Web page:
THE FACTS ON FOOT BUNIONS:
WHAT ARE BUNIONS?
A bunion, also referred to by the medical term hallux valgus, is a bony bump that forms along the base of the big toe joint. Bunions develop when the toe joint becomes misaligned, pulling the tip of the big toe towards the second toe. This forces the bone at the base of the toe to protrude. When there’s a bunion, the big toe may no longer appear straight and a bump may be visible at the base. Smaller bunions, also called tailor’s bunions or bunionettes, can develop on the pinky toe.
Bunions are more common in women than in men. They tend to develop slowly and progress over time. Bunions can be painful and sore to the touch, and some appear red and inflamed. Ill-fitted shoes can aggravate bunions even further by rubbing and pressing against the bump. Severe bunions can cause so much pain that everyday activities such as walking may become difficult.
In addition to pain and inflammation, bunions can cause a number of symptoms and complications, including:
- Limited range of motion — The big toe can become stiff from the effects of a bunion. It may be painful and difficult to bend the toe.
- Numbness — Bunions can cause nerve damage, potentially leading to a loss of sensation in the big toe.
- Corns and calluses — Thickened skin, including corns and calluses, can form on and around a bunion as a result of shoes rubbing against the swollen, bulging area.
- Hammertoes — If ill-fitted shoes are worn, bunions can force the toes into tight spaces, squeezing them into unnatural positions. This can lead to hammertoes.
- Osteoarthritis — Bunions can damage the joint at the base of the toe, increasing the risk of osteoarthritis.
WHAT CAUSES BUNIONS TO FORM?
Bunions form due to misalignment of the joint at the base of the big toe. While there’s no single specific trigger that can lead to bunions, there are risk factors that can increase the chance of developing a bunion, including:
- Weak foot structure — Genetic structural issues and foot conditions such as loose ligaments and flat feet can alter body alignment and put excess pressure on certain areas of the feet. This may contribute to the development of bunions.
- Foot injuries — Damage to the feet from injuries can lead to structural changes in the feet, increasing the chances of bunions.
- Arthritis — Certain types of arthritis, such as rheumatoid arthritis, can cause joint damage. This can increase the likelihood of other joint-related issues, including bunions.
- Uncomfortable shoes — Tight shoes, high heels and pointy-toed shoes that squeeze and cramp the toes may contribute to the development of bunions. Ill-fitted shoes can also aggravate existing bunions, causing them to progress and become increasingly painful and swollen.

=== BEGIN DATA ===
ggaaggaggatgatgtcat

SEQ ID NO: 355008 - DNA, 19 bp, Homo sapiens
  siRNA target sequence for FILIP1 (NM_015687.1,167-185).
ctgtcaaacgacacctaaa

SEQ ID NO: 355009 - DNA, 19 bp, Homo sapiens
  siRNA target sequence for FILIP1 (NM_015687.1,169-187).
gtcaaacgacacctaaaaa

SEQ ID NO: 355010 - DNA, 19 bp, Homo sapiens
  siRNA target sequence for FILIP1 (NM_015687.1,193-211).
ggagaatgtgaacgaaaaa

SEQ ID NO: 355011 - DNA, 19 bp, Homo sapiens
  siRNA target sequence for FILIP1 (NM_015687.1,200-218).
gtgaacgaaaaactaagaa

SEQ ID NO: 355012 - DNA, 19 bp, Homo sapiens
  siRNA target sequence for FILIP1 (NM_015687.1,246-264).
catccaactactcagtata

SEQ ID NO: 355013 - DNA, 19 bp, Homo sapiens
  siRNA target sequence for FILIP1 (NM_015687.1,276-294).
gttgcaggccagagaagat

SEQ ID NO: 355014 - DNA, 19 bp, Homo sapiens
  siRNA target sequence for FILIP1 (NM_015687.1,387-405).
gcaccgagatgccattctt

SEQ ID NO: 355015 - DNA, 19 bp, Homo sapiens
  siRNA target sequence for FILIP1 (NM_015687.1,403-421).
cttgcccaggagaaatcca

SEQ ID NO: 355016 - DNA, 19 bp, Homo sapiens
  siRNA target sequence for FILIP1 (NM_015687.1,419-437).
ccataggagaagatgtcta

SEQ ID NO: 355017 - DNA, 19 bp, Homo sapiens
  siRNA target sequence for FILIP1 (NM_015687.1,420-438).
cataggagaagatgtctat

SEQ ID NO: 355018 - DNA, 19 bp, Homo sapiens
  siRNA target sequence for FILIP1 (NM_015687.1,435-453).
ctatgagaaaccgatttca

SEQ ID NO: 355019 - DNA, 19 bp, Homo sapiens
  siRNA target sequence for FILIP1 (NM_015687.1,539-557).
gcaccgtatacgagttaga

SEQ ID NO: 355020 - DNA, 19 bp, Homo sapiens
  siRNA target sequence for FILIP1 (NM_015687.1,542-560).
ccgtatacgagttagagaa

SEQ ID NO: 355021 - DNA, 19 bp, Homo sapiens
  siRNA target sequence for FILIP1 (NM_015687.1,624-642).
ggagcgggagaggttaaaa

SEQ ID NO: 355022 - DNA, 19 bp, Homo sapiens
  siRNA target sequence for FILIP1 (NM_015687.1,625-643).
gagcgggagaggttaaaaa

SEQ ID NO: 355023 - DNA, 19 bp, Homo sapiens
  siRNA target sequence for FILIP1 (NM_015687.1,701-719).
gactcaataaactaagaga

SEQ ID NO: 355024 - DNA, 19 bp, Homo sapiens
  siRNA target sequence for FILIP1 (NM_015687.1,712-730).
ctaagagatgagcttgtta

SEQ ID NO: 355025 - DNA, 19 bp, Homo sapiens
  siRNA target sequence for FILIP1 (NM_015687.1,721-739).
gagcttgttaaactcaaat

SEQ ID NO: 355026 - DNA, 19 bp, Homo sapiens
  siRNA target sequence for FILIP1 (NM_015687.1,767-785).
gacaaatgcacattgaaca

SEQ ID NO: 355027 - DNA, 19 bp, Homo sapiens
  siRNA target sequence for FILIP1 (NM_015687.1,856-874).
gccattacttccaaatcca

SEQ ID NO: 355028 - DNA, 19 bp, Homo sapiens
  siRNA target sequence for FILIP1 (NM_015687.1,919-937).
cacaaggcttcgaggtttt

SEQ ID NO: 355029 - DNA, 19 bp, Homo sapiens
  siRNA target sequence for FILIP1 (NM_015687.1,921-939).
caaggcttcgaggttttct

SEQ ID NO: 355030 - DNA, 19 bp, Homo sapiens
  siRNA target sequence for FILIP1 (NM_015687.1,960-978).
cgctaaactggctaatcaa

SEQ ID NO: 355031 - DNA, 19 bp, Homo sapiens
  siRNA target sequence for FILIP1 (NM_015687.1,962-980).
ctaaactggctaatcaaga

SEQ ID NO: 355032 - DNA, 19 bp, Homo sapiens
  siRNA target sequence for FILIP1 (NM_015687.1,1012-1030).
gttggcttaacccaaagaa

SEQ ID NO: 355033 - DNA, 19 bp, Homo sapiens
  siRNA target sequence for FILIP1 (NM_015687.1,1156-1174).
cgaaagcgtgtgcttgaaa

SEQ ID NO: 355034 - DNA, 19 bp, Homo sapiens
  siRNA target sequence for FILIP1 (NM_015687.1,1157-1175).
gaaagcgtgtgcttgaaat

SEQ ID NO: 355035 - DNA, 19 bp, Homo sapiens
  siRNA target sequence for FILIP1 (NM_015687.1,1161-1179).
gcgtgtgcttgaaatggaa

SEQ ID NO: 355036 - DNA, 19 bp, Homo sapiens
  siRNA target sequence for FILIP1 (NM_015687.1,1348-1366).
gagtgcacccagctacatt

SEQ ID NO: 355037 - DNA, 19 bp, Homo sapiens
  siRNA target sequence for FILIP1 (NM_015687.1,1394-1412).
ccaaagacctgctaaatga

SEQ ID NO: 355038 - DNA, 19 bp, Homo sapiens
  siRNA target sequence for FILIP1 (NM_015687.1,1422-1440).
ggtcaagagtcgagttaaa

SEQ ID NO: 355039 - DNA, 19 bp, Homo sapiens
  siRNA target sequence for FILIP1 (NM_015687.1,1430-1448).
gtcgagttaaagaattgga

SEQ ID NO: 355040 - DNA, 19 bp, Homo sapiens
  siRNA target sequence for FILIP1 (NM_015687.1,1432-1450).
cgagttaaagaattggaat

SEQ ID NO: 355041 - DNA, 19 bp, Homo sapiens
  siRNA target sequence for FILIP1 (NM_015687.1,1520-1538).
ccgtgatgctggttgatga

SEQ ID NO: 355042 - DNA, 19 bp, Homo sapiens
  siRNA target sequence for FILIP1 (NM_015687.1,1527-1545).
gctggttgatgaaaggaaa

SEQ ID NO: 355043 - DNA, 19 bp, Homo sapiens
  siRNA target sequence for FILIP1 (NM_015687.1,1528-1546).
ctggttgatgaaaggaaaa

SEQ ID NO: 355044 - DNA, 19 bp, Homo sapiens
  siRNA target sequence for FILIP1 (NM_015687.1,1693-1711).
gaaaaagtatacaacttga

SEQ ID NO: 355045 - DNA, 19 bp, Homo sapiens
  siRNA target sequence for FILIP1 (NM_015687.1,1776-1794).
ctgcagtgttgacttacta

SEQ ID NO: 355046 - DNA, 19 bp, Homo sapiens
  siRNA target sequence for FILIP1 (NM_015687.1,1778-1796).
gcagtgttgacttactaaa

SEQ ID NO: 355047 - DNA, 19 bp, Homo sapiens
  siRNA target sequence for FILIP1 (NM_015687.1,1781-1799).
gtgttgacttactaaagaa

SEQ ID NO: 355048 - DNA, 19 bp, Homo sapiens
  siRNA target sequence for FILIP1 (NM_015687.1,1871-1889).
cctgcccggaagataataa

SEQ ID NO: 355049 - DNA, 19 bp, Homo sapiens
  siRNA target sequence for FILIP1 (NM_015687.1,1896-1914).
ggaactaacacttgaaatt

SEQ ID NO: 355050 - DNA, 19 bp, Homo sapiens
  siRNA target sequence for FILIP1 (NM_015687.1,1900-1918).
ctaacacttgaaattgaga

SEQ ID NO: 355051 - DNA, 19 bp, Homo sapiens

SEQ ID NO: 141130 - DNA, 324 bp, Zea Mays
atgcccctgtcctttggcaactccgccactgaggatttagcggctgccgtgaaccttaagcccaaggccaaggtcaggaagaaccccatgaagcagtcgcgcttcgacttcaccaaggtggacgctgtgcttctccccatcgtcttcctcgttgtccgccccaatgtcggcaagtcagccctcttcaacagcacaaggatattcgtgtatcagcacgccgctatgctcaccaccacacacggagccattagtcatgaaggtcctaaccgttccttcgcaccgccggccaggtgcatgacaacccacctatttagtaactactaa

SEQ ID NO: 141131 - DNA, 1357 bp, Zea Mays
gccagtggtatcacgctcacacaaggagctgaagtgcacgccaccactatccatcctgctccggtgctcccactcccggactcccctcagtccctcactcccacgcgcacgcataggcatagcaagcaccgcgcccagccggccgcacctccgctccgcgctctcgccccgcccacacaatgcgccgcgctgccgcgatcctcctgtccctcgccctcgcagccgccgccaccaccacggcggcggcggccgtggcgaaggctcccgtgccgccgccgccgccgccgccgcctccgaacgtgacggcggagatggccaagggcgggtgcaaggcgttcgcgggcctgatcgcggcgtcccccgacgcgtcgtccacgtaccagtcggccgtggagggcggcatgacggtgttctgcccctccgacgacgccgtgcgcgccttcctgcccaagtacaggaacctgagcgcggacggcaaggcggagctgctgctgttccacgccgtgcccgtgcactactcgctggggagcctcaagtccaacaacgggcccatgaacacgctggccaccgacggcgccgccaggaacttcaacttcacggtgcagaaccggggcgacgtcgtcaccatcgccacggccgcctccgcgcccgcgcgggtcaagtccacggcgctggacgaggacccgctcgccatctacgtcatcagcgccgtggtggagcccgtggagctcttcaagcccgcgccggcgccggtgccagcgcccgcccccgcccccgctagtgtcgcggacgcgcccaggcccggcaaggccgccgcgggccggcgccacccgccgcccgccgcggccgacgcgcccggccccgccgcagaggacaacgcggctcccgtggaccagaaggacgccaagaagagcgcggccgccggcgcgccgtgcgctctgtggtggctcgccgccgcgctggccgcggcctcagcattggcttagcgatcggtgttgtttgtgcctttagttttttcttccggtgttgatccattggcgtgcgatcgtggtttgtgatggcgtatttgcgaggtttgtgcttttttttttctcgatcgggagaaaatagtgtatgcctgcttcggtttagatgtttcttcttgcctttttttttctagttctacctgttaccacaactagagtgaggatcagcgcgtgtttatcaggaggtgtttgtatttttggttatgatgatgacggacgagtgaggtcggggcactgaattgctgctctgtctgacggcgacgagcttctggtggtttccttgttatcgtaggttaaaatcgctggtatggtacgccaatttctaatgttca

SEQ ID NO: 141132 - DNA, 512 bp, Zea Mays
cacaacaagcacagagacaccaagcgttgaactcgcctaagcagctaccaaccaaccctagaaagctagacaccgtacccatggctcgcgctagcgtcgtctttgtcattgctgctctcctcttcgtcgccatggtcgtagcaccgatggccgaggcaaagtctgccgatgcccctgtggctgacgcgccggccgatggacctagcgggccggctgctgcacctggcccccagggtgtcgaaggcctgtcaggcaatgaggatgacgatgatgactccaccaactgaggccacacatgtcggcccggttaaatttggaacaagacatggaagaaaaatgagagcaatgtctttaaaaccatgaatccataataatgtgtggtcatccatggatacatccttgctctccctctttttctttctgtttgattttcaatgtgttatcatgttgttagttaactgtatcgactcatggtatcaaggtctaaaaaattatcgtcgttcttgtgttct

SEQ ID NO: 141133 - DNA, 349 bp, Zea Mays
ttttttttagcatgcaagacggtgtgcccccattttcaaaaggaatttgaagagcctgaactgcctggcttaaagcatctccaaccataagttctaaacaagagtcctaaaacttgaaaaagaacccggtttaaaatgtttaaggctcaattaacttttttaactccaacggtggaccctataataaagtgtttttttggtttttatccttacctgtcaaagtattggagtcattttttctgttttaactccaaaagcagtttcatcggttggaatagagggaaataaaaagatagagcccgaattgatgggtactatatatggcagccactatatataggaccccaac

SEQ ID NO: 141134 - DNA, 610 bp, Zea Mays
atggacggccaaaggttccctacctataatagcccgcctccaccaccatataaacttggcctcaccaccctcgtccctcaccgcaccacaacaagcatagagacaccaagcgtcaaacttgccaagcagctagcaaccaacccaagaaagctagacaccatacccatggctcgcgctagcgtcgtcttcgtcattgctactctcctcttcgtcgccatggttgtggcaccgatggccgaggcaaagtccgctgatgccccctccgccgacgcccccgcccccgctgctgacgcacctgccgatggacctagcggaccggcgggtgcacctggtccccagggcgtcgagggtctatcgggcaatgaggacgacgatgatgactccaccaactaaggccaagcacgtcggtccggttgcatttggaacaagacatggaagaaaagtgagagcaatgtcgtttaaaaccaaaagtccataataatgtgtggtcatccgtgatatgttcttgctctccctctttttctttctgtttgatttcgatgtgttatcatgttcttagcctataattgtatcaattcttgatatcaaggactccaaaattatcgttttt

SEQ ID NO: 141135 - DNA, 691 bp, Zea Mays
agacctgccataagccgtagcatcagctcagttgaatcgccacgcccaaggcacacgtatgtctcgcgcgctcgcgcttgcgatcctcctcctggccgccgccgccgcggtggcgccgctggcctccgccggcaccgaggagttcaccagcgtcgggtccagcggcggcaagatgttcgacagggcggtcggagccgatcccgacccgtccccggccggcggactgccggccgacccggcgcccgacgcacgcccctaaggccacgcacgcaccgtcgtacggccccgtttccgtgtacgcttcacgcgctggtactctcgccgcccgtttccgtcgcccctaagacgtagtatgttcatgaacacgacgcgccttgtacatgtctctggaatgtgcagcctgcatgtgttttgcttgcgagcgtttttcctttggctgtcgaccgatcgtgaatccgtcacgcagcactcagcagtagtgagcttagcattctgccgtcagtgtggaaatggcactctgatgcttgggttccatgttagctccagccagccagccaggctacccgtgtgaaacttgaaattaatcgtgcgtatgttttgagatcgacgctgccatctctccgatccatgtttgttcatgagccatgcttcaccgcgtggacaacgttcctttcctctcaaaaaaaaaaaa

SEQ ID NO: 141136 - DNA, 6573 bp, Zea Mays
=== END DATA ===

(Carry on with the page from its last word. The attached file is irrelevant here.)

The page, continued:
HOW TO HELP PREVENT BUNIONS?
While it may be difficult to prevent bunions entirely, you can help manage pain from bunions and reduce progression in a number of ways.
Comfortable shoes — Choose well-fitted shoes with a wide toe box to avoid friction and pressure that can aggravate or contribute to the development of a bunion. Avoid high heels and shoes with pointed toes.
Strengthening exercises — Exercising the feet can help support overall foot structure to relieve discomfort from bunions. Try grasping and picking up small objects between your big and second toe to strengthen the surrounding muscles.
Regular foot inspections — Examine your feet on a regular basis and watch for any changes over time. The earlier you catch a bunion starting to form, the faster you can take steps to slow progression.
HOW TO RELIEVE BUNION PAIN?
There are a number of ways to relieve bunion pain. Doctors usually recommend conservative therapies for managing bunion pain, including:
Icing — If your bunion is painful and swollen, icing can be helpful. However, if you’re experiencing numbness or a loss of sensation in the toe, check with your doctor before using ice.
NSAIDs — Over-the-counter anti-inflammatory non-steroidal drugs can help ease the pain and swelling from bunions. These medications include naproxen, aspirin and ibuprofen.
Splints and toe separators — Some people may experience some relief from using splints and toe separators, which are designed to temporarily improve the position of the toes.
Bunion cushions — Before putting on shoes, apply a bunion cushion to the affected area. Dr. Scholl’s® Bunion Cushions fit directly over a bunion for all-day protection against shoe friction and pressure. Dr. Scholl’s® Bunion Cushions with DURAGEL® technology provide instant cushioning to relieve the pain from bunions. The thin, flexible cushions are designed to fit into any shoe and stay in place throughout the day.
See your doctor if conservative methods don’t provide relief and your bunion continues to progress and cause pain. Surgery may be recommended.